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Do you want to build a VR Treadmill on which you can run your desktop applications and games? Then you have come to the right place!

In conventional games you use the mouse and keyboard to interact with the environment. Therefore, we need to send the same kind of signals as a mouse and keyboard so that there will be no compatibility issues between our Treadmill and the game. Rather than taking these devices apart, we shall create our own device which can simulate them as close as possible.

For the mouse inputs we will use a disk with alternating conductive and non-conductive slices, on which two wires, with a small offset, will slide. The board will read the signals coming from the wires, giving us one of four combinations: 00,11,10,01, which we can directly translate in left-right movement.

For the up-down movement, instead of a disk, we will use a plate with the same pattern of 0's and 1's.

As inputs for the module that simulates the keyboard, we will have switches placed on the joint of a rod that will hold the harness. When you step in any direction, the rod will bend slightly, thus opening the switch.

(Keep in mind that the project is still in progress and can be improved, so I'm waiting for any advice that can make it better)

Step 1: Base

The base should have a low center of gravity, thus a heavy material needs be used. In my case, I used plaster and an antenna disk to make a concave mold, but other means can be used (ex. yoga ball). After the mold dries, it will be placed on two disks of the same diameter made out of MDF or a similar material. A spacer will be introduced between the two MDF disks. In between these disks, a triangle profile will be placed,which has bearings on the edges. Another set of bearings will be placed perpendicular to the vertexes of the triangle and tangent to the disk, on the top. For better precision, more bearings can be used. A rod will be placed on one of the vertexes, as shown in the third picture. This rod holds the harness in which the player will be placed.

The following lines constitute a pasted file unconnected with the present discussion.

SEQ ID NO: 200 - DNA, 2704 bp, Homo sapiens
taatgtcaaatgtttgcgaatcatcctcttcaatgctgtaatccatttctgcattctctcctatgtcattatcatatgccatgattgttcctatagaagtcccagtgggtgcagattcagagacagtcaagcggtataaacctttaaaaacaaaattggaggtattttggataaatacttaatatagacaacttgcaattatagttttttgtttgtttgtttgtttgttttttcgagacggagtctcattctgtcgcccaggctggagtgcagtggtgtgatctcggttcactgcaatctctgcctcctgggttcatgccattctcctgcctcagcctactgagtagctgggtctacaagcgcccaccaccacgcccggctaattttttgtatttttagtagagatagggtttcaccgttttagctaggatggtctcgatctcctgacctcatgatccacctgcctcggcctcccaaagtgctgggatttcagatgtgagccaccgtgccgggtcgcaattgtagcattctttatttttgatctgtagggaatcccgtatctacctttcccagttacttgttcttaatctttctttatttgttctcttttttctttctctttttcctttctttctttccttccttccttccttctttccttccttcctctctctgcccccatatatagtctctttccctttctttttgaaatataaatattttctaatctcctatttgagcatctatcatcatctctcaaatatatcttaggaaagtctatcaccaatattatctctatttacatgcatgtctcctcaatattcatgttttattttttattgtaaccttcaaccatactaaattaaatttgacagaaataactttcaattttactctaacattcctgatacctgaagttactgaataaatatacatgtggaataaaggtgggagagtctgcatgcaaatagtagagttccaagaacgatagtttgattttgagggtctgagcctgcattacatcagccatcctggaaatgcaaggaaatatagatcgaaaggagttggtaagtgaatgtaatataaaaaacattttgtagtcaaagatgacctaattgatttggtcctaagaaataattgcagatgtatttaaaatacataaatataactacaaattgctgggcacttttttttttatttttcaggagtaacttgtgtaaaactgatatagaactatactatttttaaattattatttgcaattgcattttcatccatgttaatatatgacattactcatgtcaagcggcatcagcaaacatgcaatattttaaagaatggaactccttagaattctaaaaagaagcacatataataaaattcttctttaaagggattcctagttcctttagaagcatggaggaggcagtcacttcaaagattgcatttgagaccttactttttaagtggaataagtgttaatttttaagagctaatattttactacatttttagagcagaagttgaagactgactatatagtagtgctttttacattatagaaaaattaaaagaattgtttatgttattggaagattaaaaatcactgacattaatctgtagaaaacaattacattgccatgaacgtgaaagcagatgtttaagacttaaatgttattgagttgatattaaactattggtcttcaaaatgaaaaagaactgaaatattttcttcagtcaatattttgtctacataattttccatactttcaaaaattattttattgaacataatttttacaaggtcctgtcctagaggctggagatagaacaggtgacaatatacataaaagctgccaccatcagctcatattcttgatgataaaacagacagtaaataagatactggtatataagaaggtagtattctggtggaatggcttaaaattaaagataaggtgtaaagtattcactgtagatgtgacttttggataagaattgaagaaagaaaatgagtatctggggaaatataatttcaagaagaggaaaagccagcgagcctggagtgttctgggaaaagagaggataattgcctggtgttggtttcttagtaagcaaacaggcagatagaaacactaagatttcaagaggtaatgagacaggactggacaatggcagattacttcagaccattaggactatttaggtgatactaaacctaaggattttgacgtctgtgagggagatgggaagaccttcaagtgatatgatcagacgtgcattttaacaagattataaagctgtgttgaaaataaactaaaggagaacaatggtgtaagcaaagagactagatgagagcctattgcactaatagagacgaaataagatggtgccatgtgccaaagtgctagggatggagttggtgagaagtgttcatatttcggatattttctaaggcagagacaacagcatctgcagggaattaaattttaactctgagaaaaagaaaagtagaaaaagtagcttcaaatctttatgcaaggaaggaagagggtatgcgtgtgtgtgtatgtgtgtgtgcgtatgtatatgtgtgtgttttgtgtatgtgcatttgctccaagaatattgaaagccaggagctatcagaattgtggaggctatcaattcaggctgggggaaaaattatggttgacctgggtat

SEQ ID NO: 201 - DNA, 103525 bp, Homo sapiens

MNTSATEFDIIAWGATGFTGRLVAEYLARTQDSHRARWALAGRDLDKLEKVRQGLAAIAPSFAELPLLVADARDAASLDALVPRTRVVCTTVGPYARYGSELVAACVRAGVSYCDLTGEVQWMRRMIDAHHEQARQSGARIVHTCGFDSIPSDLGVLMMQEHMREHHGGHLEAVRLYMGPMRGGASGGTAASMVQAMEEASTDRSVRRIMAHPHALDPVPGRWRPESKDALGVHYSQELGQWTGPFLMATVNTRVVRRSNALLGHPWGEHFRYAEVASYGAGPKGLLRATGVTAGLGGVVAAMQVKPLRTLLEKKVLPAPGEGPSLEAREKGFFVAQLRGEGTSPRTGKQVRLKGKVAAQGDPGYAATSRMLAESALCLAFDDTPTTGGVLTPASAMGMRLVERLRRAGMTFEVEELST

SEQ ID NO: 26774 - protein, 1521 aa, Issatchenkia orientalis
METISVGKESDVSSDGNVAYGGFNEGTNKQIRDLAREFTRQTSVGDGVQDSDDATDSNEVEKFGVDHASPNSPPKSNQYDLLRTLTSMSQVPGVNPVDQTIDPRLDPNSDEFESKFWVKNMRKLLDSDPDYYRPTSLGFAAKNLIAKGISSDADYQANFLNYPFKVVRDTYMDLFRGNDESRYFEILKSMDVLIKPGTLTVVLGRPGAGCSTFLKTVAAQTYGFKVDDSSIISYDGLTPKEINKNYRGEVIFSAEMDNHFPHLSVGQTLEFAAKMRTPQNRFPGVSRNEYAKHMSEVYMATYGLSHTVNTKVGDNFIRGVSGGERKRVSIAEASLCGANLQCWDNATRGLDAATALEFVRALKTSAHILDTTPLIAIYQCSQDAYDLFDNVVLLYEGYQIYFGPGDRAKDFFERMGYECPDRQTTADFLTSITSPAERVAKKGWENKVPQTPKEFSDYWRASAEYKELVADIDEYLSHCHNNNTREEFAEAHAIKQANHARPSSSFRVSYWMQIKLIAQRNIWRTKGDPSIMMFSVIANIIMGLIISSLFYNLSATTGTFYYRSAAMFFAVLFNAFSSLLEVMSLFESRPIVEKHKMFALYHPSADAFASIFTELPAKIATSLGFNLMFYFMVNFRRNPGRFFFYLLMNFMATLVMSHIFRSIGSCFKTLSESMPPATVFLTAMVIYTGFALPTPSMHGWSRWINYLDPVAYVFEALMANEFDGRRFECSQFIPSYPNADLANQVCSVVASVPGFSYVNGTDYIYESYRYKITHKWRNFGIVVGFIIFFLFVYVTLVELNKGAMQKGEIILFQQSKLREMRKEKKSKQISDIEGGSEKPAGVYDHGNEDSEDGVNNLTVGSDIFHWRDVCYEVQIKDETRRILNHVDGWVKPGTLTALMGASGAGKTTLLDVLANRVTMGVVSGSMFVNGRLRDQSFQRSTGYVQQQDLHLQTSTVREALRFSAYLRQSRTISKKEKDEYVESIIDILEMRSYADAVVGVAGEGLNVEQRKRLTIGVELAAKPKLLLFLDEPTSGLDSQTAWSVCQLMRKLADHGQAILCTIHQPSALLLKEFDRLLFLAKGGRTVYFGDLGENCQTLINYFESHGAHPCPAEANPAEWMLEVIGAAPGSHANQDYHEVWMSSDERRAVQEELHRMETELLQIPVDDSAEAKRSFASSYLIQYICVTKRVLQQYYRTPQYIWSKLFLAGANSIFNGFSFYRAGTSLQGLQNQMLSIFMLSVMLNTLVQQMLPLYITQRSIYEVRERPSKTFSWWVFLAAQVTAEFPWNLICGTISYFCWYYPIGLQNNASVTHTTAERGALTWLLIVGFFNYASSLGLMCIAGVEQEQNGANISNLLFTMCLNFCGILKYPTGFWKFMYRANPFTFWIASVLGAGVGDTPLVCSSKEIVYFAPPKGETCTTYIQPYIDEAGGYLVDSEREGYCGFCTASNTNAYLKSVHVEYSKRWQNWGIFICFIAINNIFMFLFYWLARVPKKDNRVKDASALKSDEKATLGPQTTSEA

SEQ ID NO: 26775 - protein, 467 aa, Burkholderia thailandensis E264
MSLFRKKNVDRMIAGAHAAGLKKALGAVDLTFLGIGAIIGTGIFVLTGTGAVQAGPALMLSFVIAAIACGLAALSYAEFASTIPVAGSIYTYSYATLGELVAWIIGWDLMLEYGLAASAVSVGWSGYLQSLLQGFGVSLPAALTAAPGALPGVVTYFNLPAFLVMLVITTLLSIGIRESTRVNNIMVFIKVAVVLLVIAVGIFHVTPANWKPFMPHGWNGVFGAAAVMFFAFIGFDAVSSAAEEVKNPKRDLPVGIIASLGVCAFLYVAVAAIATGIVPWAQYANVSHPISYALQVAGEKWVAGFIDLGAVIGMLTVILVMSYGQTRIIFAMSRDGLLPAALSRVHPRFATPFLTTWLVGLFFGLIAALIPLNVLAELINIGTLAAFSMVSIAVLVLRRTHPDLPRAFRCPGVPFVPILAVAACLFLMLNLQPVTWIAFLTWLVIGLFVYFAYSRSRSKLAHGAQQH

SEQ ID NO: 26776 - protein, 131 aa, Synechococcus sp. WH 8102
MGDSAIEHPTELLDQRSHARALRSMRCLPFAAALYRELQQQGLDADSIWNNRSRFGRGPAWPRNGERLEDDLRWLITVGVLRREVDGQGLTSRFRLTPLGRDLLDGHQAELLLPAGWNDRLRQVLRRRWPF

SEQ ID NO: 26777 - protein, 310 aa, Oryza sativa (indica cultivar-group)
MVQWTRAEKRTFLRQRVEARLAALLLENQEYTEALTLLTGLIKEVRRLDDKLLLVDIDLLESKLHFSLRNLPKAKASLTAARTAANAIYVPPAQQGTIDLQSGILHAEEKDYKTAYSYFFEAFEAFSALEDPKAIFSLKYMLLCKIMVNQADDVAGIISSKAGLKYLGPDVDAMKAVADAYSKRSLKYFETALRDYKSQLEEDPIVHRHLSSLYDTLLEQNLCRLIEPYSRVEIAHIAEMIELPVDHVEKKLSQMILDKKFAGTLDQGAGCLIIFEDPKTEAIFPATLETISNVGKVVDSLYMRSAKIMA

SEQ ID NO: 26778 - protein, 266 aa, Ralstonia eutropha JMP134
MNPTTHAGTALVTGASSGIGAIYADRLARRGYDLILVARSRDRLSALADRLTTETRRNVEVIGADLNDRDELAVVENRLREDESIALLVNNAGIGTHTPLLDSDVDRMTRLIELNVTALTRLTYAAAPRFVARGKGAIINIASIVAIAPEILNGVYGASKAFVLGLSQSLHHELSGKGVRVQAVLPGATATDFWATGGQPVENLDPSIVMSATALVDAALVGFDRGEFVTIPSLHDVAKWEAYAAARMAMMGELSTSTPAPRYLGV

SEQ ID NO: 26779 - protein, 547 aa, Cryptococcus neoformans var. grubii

Another fixed exterior rod is used to support the wires and also as a reference point for the rotational movement.

Step 2: 2 Input Management

From a black-box point of view, the device will have the following inputs: 4 connections for the x,y mouse counters, 2 connections for the mouse buttons and 4 connections for the arrow keys. The output is represented by 4 pins: 2 for the mouse PS2 connection and another 2 for the keyboard PS2 connection.
For a more detailed description of the PS2 protocol, you can check the following site: http://www.computer-engineering.org/ps2protocol/

As inputs for the board, I chose JB(1 downto 0) digital pins. Considering the sequence ...11001100..., read on the two inputs, we can distinguish between three states of the counters :

1.Count up;

2.Count down;

3. Save the current value;

The Count_Type module does exactly that. If there is a change in the input, then the module sends an appropriate message to the 8 bit counter( implemented in the 8_bit_count.vhd file), which adds or substracts from the current value, unless a reset signal is received.

The same idea is used for the up-down movement of the head, but instead of a disk, a sliding linear profile with the same alternating 0&1 pattern shall be used.

Step 3: VHDL Implementation

Attached to the presentation are the following modules:

1.Count_Type: this module handles the decoding of the two input wires from the disk or the profile, described in the second step;

2. 8bit_count: this module interprets the decoded message from Count_Type and increments or decrements the counters;

3. 3bytepacket: this module manages the status of the left and right buttons and formats the data so it can be introduced in the 3 byte data packet used in the PS2 protocol;

4.clk12khz: this module gives a clock of 12khz specific to the PS2 protocol on which certain components and processes work on;

5. MessageManager: this module sends the 3 byte data packet, interprets it and gives the appropriate response, as reply to a message from the PC.

6. PS2Interface: this module interfaces the communication protocol between the device and host(PC) (this module needs some debugging and a thorough reevaluation in order to work properly).

<p>That's a neat idea :)</p>
<p>Thanks, I know it is more of a concept for the moment but i will get more info of the progress in the next few days. If you have any feedback or suggestions don't hesitate to share them. Cheers!</p>

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